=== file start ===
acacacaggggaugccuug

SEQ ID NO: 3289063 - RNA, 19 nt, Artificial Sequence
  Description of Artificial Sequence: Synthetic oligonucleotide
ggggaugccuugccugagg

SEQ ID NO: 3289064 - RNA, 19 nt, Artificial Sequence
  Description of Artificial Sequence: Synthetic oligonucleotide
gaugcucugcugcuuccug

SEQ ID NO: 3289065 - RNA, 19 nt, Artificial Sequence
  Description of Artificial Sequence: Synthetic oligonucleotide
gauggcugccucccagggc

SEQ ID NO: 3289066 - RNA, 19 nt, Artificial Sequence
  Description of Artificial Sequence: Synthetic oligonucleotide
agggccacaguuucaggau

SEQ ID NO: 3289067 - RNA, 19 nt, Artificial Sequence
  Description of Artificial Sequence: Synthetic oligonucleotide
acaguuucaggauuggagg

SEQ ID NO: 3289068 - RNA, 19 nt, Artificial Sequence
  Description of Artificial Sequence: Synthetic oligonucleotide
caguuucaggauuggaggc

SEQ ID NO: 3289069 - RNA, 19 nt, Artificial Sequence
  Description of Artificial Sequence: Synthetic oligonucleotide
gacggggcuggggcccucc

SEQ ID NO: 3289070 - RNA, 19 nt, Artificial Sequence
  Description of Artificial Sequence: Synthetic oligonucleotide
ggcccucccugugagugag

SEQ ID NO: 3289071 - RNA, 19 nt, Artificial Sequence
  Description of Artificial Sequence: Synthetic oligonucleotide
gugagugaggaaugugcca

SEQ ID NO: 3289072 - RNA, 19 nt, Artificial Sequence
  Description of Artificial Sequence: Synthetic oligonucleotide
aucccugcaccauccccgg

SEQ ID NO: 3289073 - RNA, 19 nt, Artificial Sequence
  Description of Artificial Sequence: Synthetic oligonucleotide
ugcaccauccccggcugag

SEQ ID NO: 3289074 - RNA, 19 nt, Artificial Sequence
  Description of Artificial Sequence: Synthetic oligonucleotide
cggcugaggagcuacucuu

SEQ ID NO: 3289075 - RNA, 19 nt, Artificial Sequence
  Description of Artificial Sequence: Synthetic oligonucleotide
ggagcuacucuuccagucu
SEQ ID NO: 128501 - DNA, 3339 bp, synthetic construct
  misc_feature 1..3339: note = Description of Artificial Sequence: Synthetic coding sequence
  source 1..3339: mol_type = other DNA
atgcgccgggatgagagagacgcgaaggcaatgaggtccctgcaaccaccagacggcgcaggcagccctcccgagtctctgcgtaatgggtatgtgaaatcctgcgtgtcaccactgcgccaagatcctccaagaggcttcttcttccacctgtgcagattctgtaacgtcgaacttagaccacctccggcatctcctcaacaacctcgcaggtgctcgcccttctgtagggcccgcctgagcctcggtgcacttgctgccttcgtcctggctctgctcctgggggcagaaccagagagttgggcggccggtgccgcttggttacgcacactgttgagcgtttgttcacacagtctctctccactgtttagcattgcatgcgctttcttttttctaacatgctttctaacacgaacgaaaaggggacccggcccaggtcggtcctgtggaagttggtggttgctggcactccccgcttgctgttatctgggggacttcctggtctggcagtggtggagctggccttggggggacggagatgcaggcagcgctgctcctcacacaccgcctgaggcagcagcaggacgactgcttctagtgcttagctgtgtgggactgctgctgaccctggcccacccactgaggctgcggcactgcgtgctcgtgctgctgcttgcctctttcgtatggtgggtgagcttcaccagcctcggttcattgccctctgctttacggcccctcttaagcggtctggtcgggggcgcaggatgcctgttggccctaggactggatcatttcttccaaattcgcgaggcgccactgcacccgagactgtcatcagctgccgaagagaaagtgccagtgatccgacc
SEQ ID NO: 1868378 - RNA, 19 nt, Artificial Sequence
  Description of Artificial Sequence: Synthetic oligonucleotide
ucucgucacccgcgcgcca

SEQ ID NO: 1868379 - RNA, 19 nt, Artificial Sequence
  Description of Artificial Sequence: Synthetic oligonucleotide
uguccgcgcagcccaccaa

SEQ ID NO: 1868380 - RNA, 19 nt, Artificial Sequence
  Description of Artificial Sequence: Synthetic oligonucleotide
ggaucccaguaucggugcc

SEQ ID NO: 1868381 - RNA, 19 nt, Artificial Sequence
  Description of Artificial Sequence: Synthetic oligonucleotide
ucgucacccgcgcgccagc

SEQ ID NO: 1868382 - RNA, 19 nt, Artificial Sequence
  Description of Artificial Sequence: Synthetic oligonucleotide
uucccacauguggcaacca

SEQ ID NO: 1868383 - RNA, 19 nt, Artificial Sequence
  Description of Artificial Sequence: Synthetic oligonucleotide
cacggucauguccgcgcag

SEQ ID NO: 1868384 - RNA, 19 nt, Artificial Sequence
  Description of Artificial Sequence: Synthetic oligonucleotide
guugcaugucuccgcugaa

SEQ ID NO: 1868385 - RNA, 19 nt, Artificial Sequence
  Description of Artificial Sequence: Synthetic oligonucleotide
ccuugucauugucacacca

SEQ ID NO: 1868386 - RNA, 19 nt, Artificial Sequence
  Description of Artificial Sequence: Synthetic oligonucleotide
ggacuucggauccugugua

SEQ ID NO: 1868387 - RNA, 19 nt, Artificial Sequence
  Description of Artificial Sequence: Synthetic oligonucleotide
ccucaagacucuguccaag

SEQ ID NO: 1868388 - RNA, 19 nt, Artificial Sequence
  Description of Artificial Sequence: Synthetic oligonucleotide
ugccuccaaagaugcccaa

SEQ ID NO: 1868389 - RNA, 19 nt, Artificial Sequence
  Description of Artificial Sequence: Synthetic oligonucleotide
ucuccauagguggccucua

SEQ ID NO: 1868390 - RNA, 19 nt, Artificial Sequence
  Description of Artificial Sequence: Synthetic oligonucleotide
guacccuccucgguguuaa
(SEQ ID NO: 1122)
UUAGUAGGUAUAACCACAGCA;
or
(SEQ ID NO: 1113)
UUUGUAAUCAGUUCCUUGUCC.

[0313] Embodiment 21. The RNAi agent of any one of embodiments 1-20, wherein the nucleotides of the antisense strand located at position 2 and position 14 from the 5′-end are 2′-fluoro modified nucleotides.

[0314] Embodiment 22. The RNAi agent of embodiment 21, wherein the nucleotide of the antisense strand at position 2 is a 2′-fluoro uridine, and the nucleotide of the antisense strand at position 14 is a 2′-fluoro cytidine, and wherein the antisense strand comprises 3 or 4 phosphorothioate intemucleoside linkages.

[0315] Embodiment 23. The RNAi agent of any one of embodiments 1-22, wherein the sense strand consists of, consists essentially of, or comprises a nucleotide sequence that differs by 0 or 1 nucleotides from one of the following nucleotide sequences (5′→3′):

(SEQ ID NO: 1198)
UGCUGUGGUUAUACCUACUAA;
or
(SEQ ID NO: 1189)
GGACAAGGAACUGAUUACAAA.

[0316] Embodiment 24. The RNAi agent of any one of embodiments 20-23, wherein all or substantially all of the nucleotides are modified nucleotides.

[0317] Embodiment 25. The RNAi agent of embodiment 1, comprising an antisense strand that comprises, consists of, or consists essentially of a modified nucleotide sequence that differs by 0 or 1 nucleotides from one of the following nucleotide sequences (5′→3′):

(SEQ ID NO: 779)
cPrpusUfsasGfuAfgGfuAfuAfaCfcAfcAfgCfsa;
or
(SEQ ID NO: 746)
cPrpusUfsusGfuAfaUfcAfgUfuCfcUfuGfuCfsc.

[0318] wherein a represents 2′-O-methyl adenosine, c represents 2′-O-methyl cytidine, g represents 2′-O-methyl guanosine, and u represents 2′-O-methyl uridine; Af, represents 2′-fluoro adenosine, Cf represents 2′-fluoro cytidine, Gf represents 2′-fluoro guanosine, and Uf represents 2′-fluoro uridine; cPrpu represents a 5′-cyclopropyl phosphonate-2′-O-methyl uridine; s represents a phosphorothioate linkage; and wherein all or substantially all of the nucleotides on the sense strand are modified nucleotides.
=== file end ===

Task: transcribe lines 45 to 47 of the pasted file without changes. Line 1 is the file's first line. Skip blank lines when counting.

SEQ ID NO: 1868378 - RNA, 19 nt, Artificial Sequence
  Description of Artificial Sequence: Synthetic oligonucleotide
ucucgucacccgcgcgcca